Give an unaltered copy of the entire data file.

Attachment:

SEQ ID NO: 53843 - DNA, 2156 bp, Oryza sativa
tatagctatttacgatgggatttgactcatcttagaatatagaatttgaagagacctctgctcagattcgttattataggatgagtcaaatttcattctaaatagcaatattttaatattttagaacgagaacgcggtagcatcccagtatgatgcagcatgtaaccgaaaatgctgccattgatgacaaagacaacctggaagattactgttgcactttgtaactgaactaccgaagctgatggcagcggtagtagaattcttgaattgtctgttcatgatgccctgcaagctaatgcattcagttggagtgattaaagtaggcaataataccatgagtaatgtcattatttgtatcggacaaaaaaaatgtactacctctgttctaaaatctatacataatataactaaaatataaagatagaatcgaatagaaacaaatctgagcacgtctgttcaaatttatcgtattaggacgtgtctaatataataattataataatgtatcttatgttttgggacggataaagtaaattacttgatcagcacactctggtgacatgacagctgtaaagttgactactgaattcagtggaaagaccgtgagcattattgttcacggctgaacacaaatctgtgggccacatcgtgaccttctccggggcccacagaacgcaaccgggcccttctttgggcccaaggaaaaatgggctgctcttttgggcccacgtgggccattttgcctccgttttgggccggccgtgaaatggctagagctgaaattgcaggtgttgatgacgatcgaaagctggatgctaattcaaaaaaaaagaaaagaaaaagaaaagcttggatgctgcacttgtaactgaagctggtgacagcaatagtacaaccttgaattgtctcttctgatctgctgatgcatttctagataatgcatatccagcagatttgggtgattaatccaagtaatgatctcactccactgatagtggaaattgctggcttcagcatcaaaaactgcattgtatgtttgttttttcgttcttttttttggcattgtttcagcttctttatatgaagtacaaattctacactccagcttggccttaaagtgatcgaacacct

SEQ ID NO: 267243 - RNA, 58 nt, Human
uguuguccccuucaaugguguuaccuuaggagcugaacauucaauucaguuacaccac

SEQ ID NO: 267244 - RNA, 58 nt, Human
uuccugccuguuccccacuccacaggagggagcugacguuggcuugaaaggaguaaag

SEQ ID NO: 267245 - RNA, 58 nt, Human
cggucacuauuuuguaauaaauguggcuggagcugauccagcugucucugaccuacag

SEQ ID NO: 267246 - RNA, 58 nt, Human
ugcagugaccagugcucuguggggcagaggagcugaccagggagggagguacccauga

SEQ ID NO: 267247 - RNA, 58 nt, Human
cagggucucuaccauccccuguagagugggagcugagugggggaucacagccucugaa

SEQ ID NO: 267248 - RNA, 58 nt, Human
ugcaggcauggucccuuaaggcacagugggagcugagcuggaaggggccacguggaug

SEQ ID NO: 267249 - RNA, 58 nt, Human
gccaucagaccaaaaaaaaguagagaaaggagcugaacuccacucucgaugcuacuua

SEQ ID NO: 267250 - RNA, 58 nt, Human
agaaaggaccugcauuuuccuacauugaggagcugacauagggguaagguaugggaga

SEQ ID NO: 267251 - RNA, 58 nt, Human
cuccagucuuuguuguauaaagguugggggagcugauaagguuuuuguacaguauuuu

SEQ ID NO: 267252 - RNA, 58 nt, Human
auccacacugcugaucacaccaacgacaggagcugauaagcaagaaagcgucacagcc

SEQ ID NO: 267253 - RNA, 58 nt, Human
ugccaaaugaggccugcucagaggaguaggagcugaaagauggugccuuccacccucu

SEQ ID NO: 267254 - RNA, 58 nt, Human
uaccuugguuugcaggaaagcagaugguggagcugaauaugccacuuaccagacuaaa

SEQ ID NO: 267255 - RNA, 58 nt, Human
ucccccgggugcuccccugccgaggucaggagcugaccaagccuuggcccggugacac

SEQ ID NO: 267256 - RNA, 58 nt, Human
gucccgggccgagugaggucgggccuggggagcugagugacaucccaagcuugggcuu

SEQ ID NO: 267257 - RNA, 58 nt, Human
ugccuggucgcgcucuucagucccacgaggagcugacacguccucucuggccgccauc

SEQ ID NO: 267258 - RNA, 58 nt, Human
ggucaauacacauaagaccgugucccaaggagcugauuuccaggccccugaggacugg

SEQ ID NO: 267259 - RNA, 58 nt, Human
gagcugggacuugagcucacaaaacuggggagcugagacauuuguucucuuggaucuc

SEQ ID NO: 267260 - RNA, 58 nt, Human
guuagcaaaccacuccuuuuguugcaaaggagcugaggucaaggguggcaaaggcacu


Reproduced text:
SEQ ID NO: 53843 - DNA, 2156 bp, Oryza sativa
tatagctatttacgatgggatttgactcatcttagaatatagaatttgaagagacctctgctcagattcgttattataggatgagtcaaatttcattctaaatagcaatattttaatattttagaacgagaacgcggtagcatcccagtatgatgcagcatgtaaccgaaaatgctgccattgatgacaaagacaacctggaagattactgttgcactttgtaactgaactaccgaagctgatggcagcggtagtagaattcttgaattgtctgttcatgatgccctgcaagctaatgcattcagttggagtgattaaagtaggcaataataccatgagtaatgtcattatttgtatcggacaaaaaaaatgtactacctctgttctaaaatctatacataatataactaaaatataaagatagaatcgaatagaaacaaatctgagcacgtctgttcaaatttatcgtattaggacgtgtctaatataataattataataatgtatcttatgttttgggacggataaagtaaattacttgatcagcacactctggtgacatgacagctgtaaagttgactactgaattcagtggaaagaccgtgagcattattgttcacggctgaacacaaatctgtgggccacatcgtgaccttctccggggcccacagaacgcaaccgggcccttctttgggcccaaggaaaaatgggctgctcttttgggcccacgtgggccattttgcctccgttttgggccggccgtgaaatggctagagctgaaattgcaggtgttgatgacgatcgaaagctggatgctaattcaaaaaaaaagaaaagaaaaagaaaagcttggatgctgcacttgtaactgaagctggtgacagcaatagtacaaccttgaattgtctcttctgatctgctgatgcatttctagataatgcatatccagcagatttgggtgattaatccaagtaatgatctcactccactgatagtggaaattgctggcttcagcatcaaaaactgcattgtatgtttgttttttcgttcttttttttggcattgtttcagcttctttatatgaagtacaaattctacactccagcttggccttaaagtgatcgaacacct

SEQ ID NO: 267243 - RNA, 58 nt, Human
uguuguccccuucaaugguguuaccuuaggagcugaacauucaauucaguuacaccac

SEQ ID NO: 267244 - RNA, 58 nt, Human
uuccugccuguuccccacuccacaggagggagcugacguuggcuugaaaggaguaaag

SEQ ID NO: 267245 - RNA, 58 nt, Human
cggucacuauuuuguaauaaauguggcuggagcugauccagcugucucugaccuacag

SEQ ID NO: 267246 - RNA, 58 nt, Human
ugcagugaccagugcucuguggggcagaggagcugaccagggagggagguacccauga

SEQ ID NO: 267247 - RNA, 58 nt, Human
cagggucucuaccauccccuguagagugggagcugagugggggaucacagccucugaa

SEQ ID NO: 267248 - RNA, 58 nt, Human
ugcaggcauggucccuuaaggcacagugggagcugagcuggaaggggccacguggaug

SEQ ID NO: 267249 - RNA, 58 nt, Human
gccaucagaccaaaaaaaaguagagaaaggagcugaacuccacucucgaugcuacuua

SEQ ID NO: 267250 - RNA, 58 nt, Human
agaaaggaccugcauuuuccuacauugaggagcugacauagggguaagguaugggaga

SEQ ID NO: 267251 - RNA, 58 nt, Human
cuccagucuuuguuguauaaagguugggggagcugauaagguuuuuguacaguauuuu

SEQ ID NO: 267252 - RNA, 58 nt, Human
auccacacugcugaucacaccaacgacaggagcugauaagcaagaaagcgucacagcc

SEQ ID NO: 267253 - RNA, 58 nt, Human
ugccaaaugaggccugcucagaggaguaggagcugaaagauggugccuuccacccucu

SEQ ID NO: 267254 - RNA, 58 nt, Human
uaccuugguuugcaggaaagcagaugguggagcugaauaugccacuuaccagacuaaa

SEQ ID NO: 267255 - RNA, 58 nt, Human
ucccccgggugcuccccugccgaggucaggagcugaccaagccuuggcccggugacac

SEQ ID NO: 267256 - RNA, 58 nt, Human
gucccgggccgagugaggucgggccuggggagcugagugacaucccaagcuugggcuu

SEQ ID NO: 267257 - RNA, 58 nt, Human
ugccuggucgcgcucuucagucccacgaggagcugacacguccucucuggccgccauc

SEQ ID NO: 267258 - RNA, 58 nt, Human
ggucaauacacauaagaccgugucccaaggagcugauuuccaggccccugaggacugg

SEQ ID NO: 267259 - RNA, 58 nt, Human
gagcugggacuugagcucacaaaacuggggagcugagacauuuguucucuuggaucuc

SEQ ID NO: 267260 - RNA, 58 nt, Human
guuagcaaaccacuccuuuuguugcaaaggagcugaggucaaggguggcaaaggcacu